Time Warner, Cramer said, had a spike recently, and that's when market players should have sold that stock. Cable is losing traction, he said, advising Philbin to sell some of it.
Philbin's next stock,
Advanced Micro Devices
, should also be sold, Cramer said. The company's problem is that it can't deliver the next chip.
Cramer said he can't advise anyone to hold AMD as long as it has Hector Ruiz at the helm.
When Philbin inquired about
, Cramer said the stock's ticker, JDSU, stands for "just don't sue us." Sell it, he said.
Cramer called Philbin's next stock,
, a "tepid buy."
"It has a shot at coming back," Cramer said.
, he told Philbin, is "the house of pain."
Cramer suggested Philbin buy
, all of which he owns for Action Alerts PLUS.
is good, too, Cramer added. Cramer also recommended
, another charitable trust name, and said
makes sense as well.
Beating Expectations Consistently
Cramer told viewers he has two underpromising, overdelivering "UPOD artists" that should be bought:
"Upod works because the bedrock predictor is the trumping of earnings estimates," he said.
The first upod artist, Teledyne, has tapped into two of Cramer's long-term bull markets: aerospace and oil. Over the past two years, it's beaten estimates by an average of 15% every quarter, and it has taken control of its future through smart acquisitions, he said.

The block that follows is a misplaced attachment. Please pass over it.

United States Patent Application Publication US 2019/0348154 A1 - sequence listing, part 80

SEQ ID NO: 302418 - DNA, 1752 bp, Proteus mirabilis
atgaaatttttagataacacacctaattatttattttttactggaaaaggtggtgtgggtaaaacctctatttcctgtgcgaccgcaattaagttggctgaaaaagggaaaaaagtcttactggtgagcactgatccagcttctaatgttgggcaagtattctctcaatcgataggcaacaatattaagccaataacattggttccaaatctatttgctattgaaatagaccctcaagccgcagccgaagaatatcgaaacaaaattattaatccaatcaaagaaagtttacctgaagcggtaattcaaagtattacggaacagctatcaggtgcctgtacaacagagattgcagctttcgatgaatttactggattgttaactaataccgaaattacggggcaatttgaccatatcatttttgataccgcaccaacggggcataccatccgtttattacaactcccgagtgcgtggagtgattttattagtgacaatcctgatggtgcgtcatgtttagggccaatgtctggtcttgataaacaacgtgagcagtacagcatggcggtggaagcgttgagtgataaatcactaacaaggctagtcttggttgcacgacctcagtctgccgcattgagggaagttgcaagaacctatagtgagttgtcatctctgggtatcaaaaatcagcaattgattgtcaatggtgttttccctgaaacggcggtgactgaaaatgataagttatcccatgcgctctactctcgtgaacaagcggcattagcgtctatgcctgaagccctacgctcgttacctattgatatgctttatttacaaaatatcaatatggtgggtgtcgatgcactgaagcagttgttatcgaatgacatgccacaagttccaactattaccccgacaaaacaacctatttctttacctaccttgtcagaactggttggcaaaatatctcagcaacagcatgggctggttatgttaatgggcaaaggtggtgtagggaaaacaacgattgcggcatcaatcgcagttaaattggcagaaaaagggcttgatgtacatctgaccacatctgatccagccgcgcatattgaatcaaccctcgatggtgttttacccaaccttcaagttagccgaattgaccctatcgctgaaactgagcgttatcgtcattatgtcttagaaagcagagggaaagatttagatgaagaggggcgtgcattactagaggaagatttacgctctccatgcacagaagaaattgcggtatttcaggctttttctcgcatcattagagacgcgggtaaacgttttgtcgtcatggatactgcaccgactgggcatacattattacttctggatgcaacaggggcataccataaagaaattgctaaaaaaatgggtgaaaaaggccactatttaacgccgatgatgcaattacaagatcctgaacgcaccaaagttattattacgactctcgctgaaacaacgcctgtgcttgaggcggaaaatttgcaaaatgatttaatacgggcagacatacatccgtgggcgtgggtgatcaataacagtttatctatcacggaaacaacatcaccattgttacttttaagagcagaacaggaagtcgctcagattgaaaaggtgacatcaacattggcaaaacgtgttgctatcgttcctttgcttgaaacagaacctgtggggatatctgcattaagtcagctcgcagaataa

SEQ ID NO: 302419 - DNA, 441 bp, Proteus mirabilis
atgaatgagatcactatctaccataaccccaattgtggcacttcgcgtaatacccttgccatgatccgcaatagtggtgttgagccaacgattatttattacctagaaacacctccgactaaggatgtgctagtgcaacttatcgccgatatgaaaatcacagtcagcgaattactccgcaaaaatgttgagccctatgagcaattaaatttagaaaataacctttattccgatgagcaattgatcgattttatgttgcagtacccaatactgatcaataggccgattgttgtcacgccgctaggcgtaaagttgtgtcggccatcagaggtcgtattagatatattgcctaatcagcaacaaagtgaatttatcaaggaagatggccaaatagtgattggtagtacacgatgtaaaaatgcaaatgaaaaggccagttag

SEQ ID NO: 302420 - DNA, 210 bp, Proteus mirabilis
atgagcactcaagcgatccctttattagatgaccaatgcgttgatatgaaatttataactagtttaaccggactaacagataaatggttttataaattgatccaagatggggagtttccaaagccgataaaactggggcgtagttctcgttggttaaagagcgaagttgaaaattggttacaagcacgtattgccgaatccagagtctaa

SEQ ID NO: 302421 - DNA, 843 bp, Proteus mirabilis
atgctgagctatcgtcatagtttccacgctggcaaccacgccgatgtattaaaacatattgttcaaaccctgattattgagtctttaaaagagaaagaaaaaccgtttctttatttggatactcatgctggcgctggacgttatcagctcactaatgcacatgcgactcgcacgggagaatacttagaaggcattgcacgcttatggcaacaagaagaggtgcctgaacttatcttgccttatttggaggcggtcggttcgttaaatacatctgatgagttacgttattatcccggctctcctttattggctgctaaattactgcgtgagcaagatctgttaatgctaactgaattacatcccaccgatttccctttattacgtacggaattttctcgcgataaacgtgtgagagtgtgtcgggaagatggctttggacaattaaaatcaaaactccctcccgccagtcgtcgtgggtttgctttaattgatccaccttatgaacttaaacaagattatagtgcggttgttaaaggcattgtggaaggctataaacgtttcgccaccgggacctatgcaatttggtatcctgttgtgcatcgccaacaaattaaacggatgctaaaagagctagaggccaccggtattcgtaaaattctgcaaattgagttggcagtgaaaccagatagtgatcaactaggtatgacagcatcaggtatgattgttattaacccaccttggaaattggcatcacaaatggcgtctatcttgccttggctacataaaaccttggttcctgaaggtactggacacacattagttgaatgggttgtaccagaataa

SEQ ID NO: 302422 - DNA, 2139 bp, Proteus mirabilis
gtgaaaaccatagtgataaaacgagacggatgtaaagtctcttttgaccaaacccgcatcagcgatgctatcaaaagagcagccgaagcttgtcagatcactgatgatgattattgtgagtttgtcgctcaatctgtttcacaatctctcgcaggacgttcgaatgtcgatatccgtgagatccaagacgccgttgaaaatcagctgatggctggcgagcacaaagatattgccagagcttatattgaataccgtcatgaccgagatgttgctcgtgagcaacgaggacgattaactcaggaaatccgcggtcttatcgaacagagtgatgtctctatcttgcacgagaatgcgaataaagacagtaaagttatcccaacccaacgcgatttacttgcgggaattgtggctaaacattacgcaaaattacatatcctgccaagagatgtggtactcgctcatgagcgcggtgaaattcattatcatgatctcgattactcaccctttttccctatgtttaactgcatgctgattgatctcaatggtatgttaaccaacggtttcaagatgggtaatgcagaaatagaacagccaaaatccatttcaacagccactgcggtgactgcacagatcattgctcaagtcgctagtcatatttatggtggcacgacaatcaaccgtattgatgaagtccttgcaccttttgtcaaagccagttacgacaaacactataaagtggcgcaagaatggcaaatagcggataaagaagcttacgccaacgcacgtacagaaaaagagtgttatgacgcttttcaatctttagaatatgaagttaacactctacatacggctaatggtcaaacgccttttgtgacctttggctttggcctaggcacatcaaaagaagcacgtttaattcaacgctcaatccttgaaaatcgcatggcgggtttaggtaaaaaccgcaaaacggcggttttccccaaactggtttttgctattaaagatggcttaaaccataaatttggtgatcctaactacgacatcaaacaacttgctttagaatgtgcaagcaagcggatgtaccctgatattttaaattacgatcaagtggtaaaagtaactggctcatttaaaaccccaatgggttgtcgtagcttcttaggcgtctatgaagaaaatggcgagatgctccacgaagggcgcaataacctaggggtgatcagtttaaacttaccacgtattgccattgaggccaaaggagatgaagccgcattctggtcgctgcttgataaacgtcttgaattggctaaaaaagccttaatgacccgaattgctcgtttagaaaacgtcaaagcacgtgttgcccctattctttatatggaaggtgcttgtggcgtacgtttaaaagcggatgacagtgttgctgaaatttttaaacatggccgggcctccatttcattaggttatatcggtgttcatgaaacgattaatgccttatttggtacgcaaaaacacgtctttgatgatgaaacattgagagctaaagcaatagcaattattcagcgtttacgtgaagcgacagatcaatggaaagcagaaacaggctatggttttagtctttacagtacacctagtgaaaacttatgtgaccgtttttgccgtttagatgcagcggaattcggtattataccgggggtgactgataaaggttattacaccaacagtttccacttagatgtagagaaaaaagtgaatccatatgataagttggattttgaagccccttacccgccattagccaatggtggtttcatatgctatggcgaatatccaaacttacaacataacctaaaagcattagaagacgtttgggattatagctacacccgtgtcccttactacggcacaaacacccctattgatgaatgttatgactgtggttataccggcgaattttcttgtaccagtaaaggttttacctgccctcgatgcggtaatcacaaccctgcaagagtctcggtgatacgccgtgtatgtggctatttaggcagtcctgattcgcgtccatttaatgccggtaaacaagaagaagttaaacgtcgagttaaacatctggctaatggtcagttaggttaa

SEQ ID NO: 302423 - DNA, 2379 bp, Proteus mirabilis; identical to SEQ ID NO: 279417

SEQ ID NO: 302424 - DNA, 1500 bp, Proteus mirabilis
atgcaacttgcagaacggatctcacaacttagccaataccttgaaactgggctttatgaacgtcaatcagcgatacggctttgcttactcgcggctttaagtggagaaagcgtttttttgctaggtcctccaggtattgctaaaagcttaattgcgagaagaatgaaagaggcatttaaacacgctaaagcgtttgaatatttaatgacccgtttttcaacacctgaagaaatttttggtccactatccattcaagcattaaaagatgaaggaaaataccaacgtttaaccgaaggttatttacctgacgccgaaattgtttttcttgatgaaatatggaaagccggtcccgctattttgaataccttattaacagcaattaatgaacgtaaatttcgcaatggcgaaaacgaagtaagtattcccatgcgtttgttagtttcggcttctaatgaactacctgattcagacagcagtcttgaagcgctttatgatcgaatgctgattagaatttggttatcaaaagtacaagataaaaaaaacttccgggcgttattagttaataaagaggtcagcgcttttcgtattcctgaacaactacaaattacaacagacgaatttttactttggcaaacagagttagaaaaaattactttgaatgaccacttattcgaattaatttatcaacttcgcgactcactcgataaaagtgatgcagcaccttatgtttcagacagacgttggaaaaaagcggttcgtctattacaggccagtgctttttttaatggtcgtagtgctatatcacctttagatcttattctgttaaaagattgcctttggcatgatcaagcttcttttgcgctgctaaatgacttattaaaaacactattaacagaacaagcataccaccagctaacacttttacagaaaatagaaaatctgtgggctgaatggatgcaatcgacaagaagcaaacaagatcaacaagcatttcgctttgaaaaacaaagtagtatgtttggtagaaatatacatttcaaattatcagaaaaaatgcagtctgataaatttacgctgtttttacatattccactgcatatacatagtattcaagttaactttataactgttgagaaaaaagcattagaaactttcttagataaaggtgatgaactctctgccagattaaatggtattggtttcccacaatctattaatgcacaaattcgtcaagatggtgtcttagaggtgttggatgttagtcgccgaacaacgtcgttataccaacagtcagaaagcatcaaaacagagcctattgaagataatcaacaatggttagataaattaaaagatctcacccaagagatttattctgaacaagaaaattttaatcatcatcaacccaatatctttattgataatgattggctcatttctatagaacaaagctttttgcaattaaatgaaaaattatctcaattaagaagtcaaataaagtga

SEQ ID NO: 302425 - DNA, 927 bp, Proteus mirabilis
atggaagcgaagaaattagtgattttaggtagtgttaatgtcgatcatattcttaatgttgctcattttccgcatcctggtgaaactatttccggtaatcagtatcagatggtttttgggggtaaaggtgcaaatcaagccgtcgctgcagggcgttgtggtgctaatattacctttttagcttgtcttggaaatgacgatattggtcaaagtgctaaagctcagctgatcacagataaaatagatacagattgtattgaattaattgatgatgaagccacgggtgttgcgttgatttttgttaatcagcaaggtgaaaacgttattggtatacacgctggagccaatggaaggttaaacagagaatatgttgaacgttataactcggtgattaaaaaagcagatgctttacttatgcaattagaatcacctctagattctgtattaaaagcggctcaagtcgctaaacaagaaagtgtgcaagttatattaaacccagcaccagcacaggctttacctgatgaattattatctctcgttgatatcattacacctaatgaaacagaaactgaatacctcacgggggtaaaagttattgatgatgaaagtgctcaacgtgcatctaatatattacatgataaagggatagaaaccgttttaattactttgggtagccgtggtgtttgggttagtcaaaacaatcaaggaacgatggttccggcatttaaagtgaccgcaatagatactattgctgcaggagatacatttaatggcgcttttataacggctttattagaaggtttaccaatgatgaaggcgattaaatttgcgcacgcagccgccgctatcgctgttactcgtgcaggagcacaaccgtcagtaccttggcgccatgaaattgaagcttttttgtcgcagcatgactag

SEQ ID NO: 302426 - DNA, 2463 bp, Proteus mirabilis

The stock is cheap, but if investors wait, they might be able to get in at a better price, so he said he'd be cautious with this one.
Ansys is the "market leader" in making simulation software and services, he said. Most of its business is done overseas, and 68% of its business is recurring, Cramer said. Moreover, it has met or exceeded expectations 40 consecutive times.
While the stock is not cheap, it has a 19% growth rate and deserves a higher multiple, according to Cramer.
The single best way to know who will beat earnings in the future is finding companies that have done so consistently in the past, he said. Teledyne and Ansys are two such companies, but even without their track records, Cramer believes they'd still be worth owning.
Cramer was bullish on
Annaly Capital Management
Cramer was bearish on
Smith & Wesson
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At the time of publication, Cramer was long Hologic, Freeport-McMoRan, McDonald's, CVS Caremark and Transocean.
Jim Cramer, host of the CNBC television program "Mad Money," is a Markets Commentator for TheStreet.com, Inc., and CNBC, and a director and co-founder of TheStreet.com. All opinions expressed by Mr. Cramer on "Mad Money" are his own and do not reflect the opinions of TheStreet.com or its affiliates, or CNBC, NBC UNIVERSAL or their parent company or affiliates. Mr. Cramer's opinions are based upon information he considers to be reliable, but neither TheStreet.com, nor CNBC, nor either of their affiliates and/or subsidiaries warrant its completeness or accuracy, and it should not be relied upon as such. Mr. Cramer's statements are based on his opinions at the time statements are made, and are subject to change without notice. No part of Mr. Cramer's compensation from CNBC or TheStreet.com is related to the specific opinions expressed by him on "Mad Money."